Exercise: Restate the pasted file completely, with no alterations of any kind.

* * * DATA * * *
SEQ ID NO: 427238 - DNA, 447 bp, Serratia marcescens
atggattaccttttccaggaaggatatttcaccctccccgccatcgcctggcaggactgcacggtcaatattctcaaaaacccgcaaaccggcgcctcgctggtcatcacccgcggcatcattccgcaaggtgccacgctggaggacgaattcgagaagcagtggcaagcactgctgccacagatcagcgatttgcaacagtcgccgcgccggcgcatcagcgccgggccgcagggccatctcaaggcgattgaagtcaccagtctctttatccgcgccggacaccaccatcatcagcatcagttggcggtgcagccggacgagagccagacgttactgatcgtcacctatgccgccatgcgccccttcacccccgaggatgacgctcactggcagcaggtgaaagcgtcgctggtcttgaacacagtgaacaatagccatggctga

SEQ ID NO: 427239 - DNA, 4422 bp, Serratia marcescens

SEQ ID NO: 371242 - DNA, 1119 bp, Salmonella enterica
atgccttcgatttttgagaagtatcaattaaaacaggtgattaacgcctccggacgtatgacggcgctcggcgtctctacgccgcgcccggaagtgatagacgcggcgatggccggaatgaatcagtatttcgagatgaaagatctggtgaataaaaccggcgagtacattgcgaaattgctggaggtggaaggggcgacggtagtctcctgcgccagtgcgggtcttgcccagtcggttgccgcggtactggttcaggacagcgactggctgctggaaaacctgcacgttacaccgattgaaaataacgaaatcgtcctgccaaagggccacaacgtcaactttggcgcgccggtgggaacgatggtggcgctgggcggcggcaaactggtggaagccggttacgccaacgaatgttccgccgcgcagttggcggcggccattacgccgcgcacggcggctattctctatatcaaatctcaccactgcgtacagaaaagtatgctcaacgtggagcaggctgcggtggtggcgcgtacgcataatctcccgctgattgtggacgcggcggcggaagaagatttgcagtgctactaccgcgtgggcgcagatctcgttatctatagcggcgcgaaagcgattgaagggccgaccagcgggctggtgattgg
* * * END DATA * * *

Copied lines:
SEQ ID NO: 427238 - DNA, 447 bp, Serratia marcescens
atggattaccttttccaggaaggatatttcaccctccccgccatcgcctggcaggactgcacggtcaatattctcaaaaacccgcaaaccggcgcctcgctggtcatcacccgcggcatcattccgcaaggtgccacgctggaggacgaattcgagaagcagtggcaagcactgctgccacagatcagcgatttgcaacagtcgccgcgccggcgcatcagcgccgggccgcagggccatctcaaggcgattgaagtcaccagtctctttatccgcgccggacaccaccatcatcagcatcagttggcggtgcagccggacgagagccagacgttactgatcgtcacctatgccgccatgcgccccttcacccccgaggatgacgctcactggcagcaggtgaaagcgtcgctggtcttgaacacagtgaacaatagccatggctga

SEQ ID NO: 427239 - DNA, 4422 bp, Serratia marcescens

SEQ ID NO: 371242 - DNA, 1119 bp, Salmonella enterica
atgccttcgatttttgagaagtatcaattaaaacaggtgattaacgcctccggacgtatgacggcgctcggcgtctctacgccgcgcccggaagtgatagacgcggcgatggccggaatgaatcagtatttcgagatgaaagatctggtgaataaaaccggcgagtacattgcgaaattgctggaggtggaaggggcgacggtagtctcctgcgccagtgcgggtcttgcccagtcggttgccgcggtactggttcaggacagcgactggctgctggaaaacctgcacgttacaccgattgaaaataacgaaatcgtcctgccaaagggccacaacgtcaactttggcgcgccggtgggaacgatggtggcgctgggcggcggcaaactggtggaagccggttacgccaacgaatgttccgccgcgcagttggcggcggccattacgccgcgcacggcggctattctctatatcaaatctcaccactgcgtacagaaaagtatgctcaacgtggagcaggctgcggtggtggcgcgtacgcataatctcccgctgattgtggacgcggcggcggaagaagatttgcagtgctactaccgcgtgggcgcagatctcgttatctatagcggcgcgaaagcgattgaagggccgaccagcgggctggtgattgg